University of Limerick Researchers Apply Nanotechnology to Develop Large Scale Solar Power Solution

Research led by the Materials and Surface Science Institute (MSSI) at the University of Limerick has developed a cost effective solution to generate innovative solar energy conversion materials. The research project recently received further government support through a €700,000 Science Foundation Ireland grant.

Dr Kevin M Ryan at the Materials and Surface Science Institute (MSSI), University of Limerick. Image Credit: Alan Place, Press 22.

The solar industry is worth over €100 billion globally and is the fastest growing energy sector. Despite this, the world's energy requirements which are currently met by solar is less than 1%, which is primarily due to the high cost of production of efficient photovoltaic cells.

Current silicon-based commercial solar cells are very costly to process whereas alternative technologies rely on toxic materials such as cadmium or tellurium.

The most sought after materials currently for solar energy conversion are copper-indium-galium-disulfide (CIGS) and di-copper-zinc-tin-tetrasulphide (CZTS). By combining the four elements in each material in the correct combination, very high conversion of solar energy to electricity can be obtained. CIGS cells have shown the highest possible efficiencies whereas CZTS though marginally lower are regarded in the industry as being equally attractive for large scale commercialisation as each of the elements are in high natural abundance. The barrier to application is that current methods of making these materials requires very expensive technologies.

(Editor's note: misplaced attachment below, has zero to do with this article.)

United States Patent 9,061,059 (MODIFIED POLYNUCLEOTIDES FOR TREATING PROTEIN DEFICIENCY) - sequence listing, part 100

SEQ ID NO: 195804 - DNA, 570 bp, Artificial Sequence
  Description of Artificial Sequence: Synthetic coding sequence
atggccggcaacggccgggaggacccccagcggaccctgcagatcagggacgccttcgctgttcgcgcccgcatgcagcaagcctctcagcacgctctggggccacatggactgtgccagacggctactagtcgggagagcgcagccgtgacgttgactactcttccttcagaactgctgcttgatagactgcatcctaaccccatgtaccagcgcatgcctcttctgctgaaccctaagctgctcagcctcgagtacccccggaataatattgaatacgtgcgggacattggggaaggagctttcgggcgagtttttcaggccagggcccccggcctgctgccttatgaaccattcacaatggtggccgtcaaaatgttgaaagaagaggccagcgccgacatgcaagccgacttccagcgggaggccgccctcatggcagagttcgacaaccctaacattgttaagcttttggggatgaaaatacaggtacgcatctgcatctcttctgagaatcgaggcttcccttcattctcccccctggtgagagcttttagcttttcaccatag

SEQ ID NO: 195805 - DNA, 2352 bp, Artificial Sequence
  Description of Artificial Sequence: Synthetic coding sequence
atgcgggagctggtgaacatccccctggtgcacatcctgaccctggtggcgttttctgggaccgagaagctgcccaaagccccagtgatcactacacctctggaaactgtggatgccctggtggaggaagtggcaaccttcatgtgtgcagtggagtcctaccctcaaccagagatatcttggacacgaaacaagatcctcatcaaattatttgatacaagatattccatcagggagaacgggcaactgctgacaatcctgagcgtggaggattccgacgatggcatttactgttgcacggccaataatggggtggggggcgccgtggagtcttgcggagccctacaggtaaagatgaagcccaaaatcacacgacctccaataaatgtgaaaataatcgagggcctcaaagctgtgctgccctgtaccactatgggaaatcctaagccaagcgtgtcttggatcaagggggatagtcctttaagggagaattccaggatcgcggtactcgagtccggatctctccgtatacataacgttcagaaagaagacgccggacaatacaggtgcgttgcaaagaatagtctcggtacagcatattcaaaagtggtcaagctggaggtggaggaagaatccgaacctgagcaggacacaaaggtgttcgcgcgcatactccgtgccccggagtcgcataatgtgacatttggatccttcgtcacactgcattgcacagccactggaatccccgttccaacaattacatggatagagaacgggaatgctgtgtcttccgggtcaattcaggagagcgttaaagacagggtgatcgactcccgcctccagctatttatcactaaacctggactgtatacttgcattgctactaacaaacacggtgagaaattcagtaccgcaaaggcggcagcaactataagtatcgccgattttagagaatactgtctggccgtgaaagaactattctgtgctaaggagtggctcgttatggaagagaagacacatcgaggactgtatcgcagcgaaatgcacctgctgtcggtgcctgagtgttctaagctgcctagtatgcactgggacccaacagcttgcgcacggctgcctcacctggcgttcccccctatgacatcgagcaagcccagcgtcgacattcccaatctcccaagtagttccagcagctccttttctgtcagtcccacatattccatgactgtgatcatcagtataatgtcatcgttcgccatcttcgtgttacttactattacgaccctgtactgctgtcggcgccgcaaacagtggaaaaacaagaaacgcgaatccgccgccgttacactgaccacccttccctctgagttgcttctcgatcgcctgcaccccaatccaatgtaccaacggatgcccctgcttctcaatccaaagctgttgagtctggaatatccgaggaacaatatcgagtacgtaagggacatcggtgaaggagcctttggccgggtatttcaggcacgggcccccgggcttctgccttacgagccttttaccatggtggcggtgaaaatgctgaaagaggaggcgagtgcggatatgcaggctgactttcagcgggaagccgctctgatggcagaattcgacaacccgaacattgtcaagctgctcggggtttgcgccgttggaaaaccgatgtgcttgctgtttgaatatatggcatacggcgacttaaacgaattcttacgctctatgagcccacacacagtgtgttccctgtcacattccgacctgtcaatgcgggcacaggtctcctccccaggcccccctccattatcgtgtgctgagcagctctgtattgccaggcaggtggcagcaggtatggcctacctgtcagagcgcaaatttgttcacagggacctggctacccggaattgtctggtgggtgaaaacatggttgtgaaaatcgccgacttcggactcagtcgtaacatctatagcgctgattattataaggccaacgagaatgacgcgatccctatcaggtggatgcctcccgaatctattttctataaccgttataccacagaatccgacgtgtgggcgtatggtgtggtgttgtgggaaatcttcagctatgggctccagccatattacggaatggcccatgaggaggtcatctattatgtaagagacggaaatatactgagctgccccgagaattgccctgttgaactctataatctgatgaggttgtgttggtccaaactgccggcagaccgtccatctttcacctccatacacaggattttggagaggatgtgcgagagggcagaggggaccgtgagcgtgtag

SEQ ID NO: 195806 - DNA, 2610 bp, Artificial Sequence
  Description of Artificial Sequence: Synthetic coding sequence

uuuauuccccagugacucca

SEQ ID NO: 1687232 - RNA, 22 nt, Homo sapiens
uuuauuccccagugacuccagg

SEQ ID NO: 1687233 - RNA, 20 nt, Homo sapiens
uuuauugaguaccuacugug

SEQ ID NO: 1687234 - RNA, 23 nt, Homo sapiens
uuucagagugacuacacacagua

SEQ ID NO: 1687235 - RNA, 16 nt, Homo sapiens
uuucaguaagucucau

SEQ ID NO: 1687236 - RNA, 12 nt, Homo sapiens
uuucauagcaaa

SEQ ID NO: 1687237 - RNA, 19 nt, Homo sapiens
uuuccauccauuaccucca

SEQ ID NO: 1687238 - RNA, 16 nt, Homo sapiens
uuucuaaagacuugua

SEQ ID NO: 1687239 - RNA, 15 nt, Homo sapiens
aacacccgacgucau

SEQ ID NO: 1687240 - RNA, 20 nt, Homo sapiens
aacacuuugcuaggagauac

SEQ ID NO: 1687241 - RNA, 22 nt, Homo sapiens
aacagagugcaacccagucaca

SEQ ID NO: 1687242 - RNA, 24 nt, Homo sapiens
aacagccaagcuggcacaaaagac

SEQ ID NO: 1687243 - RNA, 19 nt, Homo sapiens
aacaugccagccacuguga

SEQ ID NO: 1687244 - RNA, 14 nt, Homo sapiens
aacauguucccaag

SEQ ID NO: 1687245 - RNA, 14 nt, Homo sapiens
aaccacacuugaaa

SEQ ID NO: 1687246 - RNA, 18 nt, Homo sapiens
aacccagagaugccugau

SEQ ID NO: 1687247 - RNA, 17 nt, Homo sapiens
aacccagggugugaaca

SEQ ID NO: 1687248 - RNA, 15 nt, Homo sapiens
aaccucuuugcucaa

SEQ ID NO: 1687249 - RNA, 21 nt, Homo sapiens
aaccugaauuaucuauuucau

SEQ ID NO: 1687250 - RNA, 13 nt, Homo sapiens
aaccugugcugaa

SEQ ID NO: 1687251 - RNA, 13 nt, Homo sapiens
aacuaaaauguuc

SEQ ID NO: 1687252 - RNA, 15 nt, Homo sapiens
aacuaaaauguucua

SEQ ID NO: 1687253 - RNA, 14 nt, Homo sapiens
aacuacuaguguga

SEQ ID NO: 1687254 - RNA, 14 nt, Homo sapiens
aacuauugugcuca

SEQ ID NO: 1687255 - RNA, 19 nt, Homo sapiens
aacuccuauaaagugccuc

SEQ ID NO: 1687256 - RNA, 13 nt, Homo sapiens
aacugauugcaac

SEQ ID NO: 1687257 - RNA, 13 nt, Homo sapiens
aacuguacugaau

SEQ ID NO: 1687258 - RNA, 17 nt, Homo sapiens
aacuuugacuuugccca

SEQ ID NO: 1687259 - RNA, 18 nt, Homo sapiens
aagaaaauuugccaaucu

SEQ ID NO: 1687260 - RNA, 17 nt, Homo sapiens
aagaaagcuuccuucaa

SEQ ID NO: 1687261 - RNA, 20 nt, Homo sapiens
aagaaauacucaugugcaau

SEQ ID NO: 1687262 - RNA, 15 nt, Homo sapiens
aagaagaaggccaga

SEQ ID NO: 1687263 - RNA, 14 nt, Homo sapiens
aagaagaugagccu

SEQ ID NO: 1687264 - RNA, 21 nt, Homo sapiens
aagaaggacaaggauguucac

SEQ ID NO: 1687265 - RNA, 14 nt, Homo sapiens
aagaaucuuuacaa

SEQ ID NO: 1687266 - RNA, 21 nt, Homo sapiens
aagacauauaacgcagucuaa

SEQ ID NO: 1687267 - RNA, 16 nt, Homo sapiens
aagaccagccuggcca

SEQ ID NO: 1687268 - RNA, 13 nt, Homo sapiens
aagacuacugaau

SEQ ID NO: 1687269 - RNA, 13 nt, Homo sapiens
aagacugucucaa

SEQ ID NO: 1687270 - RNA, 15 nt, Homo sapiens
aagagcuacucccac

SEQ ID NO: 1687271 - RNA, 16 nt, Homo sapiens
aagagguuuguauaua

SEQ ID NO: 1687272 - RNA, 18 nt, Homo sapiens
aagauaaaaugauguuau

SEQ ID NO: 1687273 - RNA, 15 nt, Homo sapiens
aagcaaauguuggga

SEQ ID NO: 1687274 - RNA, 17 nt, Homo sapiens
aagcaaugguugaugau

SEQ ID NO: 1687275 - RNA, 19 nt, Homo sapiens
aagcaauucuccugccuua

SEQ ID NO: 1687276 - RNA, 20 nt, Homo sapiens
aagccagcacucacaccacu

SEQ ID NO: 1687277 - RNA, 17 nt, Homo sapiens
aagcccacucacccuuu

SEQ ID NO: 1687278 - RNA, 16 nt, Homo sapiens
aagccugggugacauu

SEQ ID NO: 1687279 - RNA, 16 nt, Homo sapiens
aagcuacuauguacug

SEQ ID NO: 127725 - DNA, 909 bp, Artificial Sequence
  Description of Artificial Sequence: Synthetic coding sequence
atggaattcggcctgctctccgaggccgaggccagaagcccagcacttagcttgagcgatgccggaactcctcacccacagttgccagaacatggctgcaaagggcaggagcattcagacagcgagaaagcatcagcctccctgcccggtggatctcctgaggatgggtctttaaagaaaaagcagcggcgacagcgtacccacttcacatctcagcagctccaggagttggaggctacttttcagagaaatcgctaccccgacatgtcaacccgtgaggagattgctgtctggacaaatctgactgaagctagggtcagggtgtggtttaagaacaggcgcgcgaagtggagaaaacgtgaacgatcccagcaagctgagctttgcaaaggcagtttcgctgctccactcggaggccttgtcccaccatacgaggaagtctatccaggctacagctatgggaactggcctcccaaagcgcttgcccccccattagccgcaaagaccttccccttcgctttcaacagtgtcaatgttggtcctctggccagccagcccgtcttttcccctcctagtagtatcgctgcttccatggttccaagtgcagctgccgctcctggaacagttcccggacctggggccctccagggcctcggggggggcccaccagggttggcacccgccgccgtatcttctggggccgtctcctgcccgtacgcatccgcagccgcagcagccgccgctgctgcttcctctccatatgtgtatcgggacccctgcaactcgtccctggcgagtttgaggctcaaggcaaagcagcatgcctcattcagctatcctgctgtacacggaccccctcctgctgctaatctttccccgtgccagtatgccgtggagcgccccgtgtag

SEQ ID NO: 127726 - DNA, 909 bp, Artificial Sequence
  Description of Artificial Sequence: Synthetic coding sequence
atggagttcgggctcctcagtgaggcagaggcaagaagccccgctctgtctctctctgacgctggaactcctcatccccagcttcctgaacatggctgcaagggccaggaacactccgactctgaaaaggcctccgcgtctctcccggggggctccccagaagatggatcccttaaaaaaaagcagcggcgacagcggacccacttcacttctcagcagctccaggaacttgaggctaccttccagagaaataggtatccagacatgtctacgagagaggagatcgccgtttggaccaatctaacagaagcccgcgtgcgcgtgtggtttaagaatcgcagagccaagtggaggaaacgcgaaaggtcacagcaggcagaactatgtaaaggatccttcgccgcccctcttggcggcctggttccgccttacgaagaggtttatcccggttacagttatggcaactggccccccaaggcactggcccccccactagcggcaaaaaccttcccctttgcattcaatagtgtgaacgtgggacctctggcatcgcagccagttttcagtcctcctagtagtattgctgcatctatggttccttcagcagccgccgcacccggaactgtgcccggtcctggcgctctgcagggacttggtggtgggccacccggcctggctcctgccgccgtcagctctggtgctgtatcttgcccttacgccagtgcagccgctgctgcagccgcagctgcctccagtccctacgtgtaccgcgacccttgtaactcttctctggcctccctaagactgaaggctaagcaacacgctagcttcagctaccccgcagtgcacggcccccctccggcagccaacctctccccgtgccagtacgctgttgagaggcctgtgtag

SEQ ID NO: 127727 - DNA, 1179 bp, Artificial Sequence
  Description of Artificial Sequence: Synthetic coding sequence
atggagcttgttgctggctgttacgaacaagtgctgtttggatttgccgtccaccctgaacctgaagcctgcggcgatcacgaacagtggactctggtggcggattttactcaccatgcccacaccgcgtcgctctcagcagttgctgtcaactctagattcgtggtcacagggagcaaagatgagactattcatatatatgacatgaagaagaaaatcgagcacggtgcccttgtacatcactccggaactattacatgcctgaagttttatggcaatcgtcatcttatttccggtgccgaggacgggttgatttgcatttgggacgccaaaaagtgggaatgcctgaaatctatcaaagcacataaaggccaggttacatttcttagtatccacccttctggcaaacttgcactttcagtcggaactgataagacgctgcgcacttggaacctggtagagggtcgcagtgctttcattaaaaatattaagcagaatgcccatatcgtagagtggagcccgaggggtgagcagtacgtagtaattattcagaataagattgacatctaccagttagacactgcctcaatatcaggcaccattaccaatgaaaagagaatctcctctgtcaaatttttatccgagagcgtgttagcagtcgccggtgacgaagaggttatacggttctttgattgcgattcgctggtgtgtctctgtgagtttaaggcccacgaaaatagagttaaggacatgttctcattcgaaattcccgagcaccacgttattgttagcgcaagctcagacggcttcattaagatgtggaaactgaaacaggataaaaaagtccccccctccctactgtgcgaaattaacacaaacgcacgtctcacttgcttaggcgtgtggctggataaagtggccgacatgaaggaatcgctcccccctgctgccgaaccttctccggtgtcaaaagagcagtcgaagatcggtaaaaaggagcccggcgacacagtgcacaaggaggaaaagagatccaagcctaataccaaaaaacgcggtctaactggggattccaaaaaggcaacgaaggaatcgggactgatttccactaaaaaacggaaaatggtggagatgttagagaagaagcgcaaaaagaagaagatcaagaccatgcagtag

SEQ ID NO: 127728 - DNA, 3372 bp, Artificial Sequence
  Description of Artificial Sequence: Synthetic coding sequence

Lead researcher, Dr Kevin M Ryan, explains; "This technology has significant impacts for energy generation world-wide. We have developed a low-cost laboratory method of forming both CIGS and CZTS in nanorod form which can maximise solar absorption. 250 billion of these rods for example will fit on the head of a pin and our technology essentially allows us process these as an ink to form densely packed forests of these nanorods over very large areas optimised to harness the abundant solar power available."

This research was funded by Science Foundation Ireland (SFI) through the principal investigator programme to Dr Kevin Ryan and also through funding from the SFI Strategic Research Cluster in Solar Energy Conversion involving University of Limerick, UCD and DCU. For further information go to www.ifnano.com.

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